Lisa Gordis, Professor and Chair of English, teaches courses in English and American literature, including courses on early American literature, women in colonial America, and the American supernatural. Her research focuses on early American literature, with particular interest in Puritan and Quaker writings. She is the author of Opening Scripture: Bible Reading and Interpretive Authority in Puritan New England (University of Chicago Press, 2003), and has also published articles on George Herbert, Ralph Waldo Emerson, and John Woolman. She is currently working on a book about early Quaker theories of language, under the working title The Word in It Self: Transparency and Substance in Early Quaker Language.  She serves on the executive committee of the MLA Forum on Religion and Literature and on the executive committee of the Barnard American studies program. Gordis is also a previous recipient of the Emily Gregory Award.


Christian Rojas, Professor of Chemistry, researches new methods for incorporating nitrogen into organic molecules and the application of these methods to the synthesis of amino sugars. Rojas has published scholarly articles on the topics of synthesis of amino sugars and nitrogen atom transfer reactions and he is the editor of the recent book Molecular Rearrangements in Organic Synthesis. His work is currently supported by a National Institutes of Health (NIGMS) grant. In 2013, Rojas received the Emily Gregory Award.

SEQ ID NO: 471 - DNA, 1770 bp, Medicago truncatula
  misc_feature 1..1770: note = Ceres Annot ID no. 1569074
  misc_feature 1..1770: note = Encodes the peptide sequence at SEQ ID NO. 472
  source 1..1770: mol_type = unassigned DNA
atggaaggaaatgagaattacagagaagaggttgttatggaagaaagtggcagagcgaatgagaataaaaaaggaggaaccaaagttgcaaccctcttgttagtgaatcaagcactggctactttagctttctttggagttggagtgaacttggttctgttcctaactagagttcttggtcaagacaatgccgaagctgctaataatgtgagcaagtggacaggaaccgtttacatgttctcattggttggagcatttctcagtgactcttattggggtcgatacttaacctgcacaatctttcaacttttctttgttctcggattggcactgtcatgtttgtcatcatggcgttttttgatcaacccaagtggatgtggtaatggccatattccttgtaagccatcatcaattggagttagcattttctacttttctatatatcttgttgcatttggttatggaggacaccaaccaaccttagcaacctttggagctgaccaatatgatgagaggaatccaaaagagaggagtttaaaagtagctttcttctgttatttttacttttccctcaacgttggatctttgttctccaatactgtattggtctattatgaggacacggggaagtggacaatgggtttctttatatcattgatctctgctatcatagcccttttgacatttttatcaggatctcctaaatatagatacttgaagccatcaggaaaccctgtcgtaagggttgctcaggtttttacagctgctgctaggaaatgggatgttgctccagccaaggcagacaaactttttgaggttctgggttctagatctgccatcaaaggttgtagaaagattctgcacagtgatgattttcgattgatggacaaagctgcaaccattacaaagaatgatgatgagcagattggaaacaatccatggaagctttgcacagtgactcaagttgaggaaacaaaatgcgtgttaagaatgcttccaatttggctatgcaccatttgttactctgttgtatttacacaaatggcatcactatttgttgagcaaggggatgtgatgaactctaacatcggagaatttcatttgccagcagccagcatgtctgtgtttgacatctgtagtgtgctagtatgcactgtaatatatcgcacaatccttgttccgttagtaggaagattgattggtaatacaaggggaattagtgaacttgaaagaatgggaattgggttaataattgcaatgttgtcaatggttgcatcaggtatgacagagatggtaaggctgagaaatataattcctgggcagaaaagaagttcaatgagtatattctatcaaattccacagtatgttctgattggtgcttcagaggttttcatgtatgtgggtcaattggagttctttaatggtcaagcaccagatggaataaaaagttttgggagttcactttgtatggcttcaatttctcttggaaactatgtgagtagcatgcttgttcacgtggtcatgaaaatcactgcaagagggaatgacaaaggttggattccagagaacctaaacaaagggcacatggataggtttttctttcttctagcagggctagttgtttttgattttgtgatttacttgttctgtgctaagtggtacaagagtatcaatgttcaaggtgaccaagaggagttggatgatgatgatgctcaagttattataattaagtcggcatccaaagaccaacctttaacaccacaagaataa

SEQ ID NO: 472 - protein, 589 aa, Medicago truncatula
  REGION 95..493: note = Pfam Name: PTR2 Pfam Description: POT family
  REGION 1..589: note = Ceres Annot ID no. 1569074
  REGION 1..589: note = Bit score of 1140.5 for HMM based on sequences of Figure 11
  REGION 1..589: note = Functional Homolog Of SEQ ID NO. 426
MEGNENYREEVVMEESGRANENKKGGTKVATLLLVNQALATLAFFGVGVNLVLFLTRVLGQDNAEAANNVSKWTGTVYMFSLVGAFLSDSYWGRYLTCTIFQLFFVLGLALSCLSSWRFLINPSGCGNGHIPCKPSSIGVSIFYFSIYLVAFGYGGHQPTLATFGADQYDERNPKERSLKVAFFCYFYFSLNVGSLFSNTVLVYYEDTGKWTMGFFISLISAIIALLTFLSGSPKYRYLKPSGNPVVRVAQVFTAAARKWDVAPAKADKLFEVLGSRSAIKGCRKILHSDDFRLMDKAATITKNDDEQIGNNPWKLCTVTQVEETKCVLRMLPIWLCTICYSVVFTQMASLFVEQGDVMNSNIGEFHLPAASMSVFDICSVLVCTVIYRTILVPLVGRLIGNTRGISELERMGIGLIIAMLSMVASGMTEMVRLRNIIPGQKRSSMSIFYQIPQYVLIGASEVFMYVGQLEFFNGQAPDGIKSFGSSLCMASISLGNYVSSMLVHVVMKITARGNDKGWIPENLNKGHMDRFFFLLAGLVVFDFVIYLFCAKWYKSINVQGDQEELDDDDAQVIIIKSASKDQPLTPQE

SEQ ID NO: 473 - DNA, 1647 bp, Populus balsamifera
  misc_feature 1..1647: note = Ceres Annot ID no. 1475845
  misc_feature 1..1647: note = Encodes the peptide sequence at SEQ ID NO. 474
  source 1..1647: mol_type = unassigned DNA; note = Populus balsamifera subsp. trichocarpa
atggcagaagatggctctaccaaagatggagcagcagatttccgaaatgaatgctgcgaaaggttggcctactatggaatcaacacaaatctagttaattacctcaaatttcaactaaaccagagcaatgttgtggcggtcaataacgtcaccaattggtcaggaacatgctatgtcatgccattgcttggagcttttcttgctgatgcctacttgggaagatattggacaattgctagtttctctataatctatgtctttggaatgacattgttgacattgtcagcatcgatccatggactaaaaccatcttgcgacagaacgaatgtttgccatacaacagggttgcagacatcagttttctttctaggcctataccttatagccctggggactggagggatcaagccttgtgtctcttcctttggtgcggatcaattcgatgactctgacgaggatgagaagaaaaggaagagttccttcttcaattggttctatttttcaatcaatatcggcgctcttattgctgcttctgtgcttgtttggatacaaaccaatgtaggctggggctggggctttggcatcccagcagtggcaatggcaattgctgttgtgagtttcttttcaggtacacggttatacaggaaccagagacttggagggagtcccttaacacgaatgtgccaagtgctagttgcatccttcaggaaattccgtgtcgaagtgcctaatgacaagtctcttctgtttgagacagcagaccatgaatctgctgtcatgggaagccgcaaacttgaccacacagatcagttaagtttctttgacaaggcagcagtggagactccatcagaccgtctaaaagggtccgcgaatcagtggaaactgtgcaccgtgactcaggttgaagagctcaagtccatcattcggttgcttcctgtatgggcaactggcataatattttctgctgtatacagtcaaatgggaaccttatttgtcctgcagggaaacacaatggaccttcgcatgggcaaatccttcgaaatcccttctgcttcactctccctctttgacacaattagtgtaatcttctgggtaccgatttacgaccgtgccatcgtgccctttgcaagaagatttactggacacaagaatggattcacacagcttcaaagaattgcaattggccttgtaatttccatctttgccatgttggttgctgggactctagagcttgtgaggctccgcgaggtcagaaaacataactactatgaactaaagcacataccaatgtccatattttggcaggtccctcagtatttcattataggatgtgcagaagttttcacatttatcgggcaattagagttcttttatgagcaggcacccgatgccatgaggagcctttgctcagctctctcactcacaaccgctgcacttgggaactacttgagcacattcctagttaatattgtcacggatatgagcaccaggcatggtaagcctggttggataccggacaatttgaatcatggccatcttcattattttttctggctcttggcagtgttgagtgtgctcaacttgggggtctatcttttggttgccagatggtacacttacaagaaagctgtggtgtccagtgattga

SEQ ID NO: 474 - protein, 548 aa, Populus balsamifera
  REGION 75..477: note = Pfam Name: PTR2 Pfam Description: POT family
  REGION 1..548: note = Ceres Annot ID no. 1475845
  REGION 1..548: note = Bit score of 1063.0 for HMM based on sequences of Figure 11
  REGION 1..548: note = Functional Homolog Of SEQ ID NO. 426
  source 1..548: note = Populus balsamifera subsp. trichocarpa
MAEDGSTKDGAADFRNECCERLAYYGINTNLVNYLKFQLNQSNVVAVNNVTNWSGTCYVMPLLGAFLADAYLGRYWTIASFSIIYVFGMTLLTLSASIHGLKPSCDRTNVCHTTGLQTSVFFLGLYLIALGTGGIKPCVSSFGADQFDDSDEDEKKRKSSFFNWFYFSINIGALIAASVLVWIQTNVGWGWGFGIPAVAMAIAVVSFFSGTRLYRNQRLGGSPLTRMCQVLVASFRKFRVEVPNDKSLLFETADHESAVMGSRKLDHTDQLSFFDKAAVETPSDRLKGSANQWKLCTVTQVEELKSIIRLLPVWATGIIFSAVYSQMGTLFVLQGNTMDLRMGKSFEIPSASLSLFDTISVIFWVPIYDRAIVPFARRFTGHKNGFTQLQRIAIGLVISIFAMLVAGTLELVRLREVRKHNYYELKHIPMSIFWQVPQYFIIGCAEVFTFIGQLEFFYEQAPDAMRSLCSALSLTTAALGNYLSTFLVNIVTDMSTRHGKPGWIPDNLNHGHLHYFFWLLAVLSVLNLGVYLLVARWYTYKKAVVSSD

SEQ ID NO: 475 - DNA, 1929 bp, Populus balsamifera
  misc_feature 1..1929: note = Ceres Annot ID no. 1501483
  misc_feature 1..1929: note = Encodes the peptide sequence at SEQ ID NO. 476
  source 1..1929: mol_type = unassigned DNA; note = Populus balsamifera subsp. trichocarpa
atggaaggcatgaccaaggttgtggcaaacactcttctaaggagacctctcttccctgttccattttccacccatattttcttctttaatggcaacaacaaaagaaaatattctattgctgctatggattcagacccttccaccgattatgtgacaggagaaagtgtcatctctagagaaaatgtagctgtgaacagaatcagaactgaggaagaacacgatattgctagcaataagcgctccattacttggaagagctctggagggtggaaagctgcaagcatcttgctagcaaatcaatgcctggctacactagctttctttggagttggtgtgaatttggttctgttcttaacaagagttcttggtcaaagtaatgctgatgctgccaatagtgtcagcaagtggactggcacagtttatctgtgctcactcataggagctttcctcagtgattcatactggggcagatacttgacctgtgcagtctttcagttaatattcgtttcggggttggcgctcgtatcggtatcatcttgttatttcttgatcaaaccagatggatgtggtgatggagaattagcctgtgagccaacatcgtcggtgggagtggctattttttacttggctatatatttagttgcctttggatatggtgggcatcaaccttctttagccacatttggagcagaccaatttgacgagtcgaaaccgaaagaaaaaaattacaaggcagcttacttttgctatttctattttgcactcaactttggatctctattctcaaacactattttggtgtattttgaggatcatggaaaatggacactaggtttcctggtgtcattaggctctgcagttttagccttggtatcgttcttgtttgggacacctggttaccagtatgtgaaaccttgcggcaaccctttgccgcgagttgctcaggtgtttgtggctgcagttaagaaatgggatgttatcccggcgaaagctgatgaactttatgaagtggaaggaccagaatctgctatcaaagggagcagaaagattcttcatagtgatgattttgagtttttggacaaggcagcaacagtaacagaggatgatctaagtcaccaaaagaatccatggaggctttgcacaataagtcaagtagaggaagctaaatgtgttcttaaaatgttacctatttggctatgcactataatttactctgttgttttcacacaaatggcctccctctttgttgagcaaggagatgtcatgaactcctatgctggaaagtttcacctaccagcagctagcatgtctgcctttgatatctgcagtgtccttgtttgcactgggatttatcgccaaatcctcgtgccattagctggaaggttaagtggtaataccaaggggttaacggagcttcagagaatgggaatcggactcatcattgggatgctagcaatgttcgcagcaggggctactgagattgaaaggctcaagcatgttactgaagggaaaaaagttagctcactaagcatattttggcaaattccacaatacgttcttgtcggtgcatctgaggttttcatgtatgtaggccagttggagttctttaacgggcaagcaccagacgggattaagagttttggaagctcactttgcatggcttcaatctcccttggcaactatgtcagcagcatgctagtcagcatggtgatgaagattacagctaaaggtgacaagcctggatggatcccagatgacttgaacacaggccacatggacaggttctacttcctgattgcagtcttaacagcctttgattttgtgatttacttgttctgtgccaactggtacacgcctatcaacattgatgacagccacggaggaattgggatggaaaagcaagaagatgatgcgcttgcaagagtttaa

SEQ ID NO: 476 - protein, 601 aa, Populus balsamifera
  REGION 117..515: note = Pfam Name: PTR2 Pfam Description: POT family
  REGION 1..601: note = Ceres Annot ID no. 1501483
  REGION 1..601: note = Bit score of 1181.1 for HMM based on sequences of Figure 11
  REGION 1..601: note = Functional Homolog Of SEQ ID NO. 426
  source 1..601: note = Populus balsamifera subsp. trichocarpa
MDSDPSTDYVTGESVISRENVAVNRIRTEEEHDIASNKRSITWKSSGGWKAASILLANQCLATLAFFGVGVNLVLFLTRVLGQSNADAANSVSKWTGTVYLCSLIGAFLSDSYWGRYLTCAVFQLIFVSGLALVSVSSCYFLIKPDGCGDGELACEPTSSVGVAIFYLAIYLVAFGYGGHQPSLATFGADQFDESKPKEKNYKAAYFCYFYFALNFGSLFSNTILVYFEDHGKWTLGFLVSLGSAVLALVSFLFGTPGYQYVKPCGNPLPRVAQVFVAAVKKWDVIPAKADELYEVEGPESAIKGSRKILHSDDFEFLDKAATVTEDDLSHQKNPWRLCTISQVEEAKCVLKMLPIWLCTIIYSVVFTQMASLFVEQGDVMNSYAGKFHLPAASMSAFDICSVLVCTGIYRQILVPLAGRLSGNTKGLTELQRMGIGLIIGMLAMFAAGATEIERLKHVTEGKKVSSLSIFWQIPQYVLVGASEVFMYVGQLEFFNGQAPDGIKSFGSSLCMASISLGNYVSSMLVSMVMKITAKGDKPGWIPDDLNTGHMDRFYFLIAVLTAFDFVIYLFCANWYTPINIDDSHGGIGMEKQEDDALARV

Lisa Tiersten, Professor of History, teaches courses on modern European cultural history, the cultural history of capitalism, modern France, feminist theory, gender history, and comparative colonialisms. Tiersten has published several books and is currently working on two. She has previously received the Emily Gregory Award for Excellence in Teaching, and her research has  been supported by the National Endowment for the Humanities, the Getty Center for the History of Art and the Humanities, the Gilder Foundation, the French Historical Studies Society, and the Western Society for French History. Tiersten has received a French Government research grant, the Bourse Chateaubriand.